In photosynthesis, solar energy is converted into chemical energy, which is then used in nature to produce organic molecules from carbon dioxide. In plants, algae and cyanobacteria, the key photosynthesis reactions take place in two complex structures known as photosystems. These are located in a special membrane system, the thylakoids. However, many details of their molecular structure and the way the proteins are incorporated into the membranes have yet to be explored.
A team led by Professor Conrad Mullineaux from the Institute of Biology and Chemistry at Queen Mary University London, UK, Professor Annegret Wilde and Professor Wolfgang Hess from the Institute of Biology III at the University of Freiburg and Professor Satoru Watanabe from the Institute of Biosciences at the Agricultural University of Tokyo, Japan, has published a study in the current issue of Nature Plants: The mRNAs are transported to the thylakoid membranes and the respective proteins are produced there on the spot.
- Moontaha Mahbub, Luisa Hemm, Yuxiao Yang, Ramanpreet Kaur, Helder Carmen, Christoph Engl, Tuomas Huokko, Matthias Riediger, Satoru Watanabe, Lu-Ning Liu, Annegret Wilde, Wolfgang R. Hess, Conrad W. Mullineaux. mRNA localization, reaction centre biogenesis and thylakoid membrane targeting in cyanobacteria. Nature Plants, 2020; DOI: 10.1038/s41477-020-00764-2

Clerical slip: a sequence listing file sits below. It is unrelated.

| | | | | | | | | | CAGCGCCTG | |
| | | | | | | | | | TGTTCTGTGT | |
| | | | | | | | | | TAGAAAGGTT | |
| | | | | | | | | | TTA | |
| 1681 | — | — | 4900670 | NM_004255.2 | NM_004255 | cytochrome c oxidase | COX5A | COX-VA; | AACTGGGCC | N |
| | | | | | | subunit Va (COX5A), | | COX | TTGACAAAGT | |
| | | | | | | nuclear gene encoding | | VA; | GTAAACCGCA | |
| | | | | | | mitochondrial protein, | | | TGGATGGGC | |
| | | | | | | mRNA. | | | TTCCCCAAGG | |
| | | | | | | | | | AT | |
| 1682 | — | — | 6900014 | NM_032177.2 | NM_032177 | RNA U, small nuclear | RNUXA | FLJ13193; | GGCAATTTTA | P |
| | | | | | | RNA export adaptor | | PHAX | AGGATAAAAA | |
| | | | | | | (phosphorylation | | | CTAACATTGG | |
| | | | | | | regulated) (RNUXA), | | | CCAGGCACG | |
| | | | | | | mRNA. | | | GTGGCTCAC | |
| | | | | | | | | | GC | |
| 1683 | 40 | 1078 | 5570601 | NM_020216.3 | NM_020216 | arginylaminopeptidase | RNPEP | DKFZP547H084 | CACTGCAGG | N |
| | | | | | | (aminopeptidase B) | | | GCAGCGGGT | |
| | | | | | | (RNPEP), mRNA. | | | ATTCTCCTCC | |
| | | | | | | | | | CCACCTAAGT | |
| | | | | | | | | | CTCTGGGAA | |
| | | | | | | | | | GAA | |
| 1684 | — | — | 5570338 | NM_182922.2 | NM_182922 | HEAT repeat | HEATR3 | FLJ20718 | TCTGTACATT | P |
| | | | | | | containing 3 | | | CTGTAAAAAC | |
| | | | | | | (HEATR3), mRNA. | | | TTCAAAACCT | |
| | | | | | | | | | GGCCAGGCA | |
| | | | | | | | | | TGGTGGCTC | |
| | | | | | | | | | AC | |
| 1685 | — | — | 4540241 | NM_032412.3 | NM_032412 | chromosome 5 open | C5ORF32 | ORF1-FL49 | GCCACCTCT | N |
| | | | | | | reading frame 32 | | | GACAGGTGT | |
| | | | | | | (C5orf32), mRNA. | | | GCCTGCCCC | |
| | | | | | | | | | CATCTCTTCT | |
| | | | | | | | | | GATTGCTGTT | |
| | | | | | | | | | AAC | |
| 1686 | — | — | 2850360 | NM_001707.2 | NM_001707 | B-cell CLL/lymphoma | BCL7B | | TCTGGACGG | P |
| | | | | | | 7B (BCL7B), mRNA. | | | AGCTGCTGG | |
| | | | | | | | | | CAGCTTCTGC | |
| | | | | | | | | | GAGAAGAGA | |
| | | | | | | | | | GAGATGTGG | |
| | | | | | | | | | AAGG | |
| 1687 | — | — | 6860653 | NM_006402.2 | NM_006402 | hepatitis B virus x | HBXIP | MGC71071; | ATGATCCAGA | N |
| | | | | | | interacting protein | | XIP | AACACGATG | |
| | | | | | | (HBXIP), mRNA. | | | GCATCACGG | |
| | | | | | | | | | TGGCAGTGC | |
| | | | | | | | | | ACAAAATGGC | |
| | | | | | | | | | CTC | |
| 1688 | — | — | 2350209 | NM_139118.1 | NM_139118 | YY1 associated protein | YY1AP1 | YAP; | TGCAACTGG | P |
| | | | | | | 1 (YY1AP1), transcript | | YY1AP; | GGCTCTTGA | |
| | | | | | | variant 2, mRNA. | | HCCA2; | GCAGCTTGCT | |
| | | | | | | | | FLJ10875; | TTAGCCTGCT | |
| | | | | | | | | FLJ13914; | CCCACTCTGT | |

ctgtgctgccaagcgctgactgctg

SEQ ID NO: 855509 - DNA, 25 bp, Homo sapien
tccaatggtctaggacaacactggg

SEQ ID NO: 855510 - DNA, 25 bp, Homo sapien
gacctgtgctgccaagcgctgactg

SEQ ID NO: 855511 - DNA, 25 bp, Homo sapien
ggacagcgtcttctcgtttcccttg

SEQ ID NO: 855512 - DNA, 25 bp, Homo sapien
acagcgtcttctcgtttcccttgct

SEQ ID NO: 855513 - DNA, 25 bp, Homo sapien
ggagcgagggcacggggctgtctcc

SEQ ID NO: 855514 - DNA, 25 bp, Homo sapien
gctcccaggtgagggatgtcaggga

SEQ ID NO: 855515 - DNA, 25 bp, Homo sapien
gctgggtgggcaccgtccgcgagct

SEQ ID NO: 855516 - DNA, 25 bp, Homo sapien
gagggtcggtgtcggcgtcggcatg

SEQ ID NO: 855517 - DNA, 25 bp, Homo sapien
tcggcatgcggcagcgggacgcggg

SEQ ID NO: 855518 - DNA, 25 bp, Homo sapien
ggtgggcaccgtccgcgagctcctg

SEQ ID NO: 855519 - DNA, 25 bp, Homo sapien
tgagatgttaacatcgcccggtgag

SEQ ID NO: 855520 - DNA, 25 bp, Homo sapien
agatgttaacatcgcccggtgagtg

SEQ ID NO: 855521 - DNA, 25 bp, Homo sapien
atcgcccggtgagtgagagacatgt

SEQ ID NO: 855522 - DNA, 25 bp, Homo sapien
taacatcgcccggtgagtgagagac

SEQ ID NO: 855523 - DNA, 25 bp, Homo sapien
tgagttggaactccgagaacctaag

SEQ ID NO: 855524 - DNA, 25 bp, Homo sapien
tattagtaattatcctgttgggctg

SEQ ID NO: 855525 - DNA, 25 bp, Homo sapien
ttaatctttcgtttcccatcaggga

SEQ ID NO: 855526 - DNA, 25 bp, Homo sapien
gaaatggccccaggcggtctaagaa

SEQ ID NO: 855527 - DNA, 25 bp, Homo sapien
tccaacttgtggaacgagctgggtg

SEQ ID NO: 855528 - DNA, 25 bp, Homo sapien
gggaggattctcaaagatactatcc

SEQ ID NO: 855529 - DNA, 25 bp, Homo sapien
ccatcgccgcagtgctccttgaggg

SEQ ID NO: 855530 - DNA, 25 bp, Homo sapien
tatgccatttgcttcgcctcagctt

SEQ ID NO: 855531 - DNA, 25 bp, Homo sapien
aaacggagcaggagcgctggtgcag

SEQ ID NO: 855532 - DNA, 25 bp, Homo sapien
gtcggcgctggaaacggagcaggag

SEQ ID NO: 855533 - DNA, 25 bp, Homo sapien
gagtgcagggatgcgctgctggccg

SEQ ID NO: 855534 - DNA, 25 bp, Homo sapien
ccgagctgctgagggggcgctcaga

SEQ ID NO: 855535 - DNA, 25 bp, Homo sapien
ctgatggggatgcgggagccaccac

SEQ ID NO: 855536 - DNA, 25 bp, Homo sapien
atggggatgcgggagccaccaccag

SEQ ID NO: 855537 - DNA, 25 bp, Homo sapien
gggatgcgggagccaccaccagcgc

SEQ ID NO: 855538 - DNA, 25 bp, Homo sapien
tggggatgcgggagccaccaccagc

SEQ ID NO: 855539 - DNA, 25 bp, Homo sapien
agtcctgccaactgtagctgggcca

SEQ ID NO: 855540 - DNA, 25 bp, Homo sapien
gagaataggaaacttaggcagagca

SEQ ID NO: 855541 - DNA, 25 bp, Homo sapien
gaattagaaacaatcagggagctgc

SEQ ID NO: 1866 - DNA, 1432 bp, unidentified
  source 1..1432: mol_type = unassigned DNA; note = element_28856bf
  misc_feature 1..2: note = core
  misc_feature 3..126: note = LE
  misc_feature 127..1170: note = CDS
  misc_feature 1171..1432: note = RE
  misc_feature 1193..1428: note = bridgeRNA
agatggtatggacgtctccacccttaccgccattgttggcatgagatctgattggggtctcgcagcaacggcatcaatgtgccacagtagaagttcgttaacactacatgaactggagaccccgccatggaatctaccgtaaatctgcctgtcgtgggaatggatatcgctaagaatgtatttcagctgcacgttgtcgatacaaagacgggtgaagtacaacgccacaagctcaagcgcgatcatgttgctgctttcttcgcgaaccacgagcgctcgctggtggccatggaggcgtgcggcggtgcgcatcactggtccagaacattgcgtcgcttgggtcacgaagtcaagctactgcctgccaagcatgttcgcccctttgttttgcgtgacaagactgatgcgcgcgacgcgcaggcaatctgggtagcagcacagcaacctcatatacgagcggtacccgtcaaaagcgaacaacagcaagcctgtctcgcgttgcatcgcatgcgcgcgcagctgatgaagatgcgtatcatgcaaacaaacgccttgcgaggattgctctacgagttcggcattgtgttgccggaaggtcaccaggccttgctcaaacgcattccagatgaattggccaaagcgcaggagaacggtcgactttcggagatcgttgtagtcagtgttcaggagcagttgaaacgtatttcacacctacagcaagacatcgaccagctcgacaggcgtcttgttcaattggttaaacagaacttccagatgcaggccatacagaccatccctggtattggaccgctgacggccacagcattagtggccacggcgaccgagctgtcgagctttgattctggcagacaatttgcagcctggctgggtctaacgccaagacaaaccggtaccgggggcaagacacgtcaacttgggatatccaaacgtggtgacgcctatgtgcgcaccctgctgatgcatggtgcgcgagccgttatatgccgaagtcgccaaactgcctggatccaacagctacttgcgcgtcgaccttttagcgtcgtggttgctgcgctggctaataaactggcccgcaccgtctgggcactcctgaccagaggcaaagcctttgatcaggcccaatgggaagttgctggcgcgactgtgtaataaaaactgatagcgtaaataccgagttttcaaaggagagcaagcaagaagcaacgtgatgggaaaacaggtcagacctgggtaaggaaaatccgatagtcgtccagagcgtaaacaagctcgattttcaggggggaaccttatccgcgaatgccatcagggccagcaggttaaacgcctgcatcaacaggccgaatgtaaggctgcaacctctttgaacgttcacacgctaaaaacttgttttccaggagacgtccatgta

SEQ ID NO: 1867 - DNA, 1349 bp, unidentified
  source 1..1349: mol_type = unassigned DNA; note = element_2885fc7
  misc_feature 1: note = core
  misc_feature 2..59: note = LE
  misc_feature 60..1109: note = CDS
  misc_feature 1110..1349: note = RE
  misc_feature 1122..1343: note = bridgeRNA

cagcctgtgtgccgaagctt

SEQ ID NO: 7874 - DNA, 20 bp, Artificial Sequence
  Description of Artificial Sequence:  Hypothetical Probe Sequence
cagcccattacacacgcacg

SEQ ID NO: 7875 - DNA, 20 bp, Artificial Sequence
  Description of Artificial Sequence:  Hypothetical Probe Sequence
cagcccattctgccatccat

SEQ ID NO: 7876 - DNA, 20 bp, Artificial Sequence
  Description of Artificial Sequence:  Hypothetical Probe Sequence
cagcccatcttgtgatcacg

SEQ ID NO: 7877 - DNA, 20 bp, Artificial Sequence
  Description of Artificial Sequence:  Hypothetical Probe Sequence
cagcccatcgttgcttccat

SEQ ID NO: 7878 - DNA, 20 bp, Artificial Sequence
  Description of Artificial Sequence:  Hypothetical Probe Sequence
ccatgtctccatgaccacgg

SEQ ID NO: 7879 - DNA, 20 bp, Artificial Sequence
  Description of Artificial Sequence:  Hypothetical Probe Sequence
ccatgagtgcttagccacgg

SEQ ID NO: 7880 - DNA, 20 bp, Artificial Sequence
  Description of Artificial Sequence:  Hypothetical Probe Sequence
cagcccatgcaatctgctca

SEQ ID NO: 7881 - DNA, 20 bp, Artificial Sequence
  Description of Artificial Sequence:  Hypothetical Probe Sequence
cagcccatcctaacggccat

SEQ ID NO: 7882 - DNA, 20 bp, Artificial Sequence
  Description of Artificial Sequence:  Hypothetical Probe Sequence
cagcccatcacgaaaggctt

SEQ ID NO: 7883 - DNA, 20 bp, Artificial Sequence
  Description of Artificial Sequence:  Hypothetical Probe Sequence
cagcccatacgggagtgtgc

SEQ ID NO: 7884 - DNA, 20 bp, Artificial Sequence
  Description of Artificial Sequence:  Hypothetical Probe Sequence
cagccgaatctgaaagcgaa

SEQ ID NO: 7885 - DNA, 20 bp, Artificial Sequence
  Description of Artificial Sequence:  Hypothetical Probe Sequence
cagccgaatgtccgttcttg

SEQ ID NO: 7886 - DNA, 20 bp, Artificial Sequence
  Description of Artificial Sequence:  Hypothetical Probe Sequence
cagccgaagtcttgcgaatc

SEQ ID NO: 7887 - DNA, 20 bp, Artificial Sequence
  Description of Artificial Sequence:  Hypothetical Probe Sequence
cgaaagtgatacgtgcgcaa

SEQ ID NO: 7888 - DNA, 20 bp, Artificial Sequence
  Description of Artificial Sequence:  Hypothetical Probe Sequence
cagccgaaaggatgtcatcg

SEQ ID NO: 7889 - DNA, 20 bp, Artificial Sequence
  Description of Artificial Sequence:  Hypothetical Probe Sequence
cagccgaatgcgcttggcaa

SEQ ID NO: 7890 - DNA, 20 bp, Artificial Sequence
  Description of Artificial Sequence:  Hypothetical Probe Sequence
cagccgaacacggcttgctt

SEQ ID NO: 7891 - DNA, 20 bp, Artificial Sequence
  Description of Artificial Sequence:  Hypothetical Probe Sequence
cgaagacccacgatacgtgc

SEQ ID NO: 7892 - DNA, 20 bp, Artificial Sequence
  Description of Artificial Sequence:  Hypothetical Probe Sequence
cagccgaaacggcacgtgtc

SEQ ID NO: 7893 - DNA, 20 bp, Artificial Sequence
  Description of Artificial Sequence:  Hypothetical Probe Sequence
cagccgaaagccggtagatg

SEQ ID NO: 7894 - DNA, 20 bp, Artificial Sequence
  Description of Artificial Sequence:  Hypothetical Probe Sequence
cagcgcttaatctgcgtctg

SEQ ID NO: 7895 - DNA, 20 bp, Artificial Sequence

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University of Freiburg. “More than just genetic code.” ScienceDaily. ScienceDaily, 8 September 2020. <www.sciencedaily.com/releases/2020/09/200908122457.htm>.
University of Freiburg. (2020, September 8). More than just genetic code. ScienceDaily. Retrieved September 8, 2020 from www.sciencedaily.com/releases/2020/09/200908122457.htm
University of Freiburg. “More than just genetic code.” ScienceDaily. www.sciencedaily.com/releases/2020/09/200908122457.htm (accessed September 8, 2020).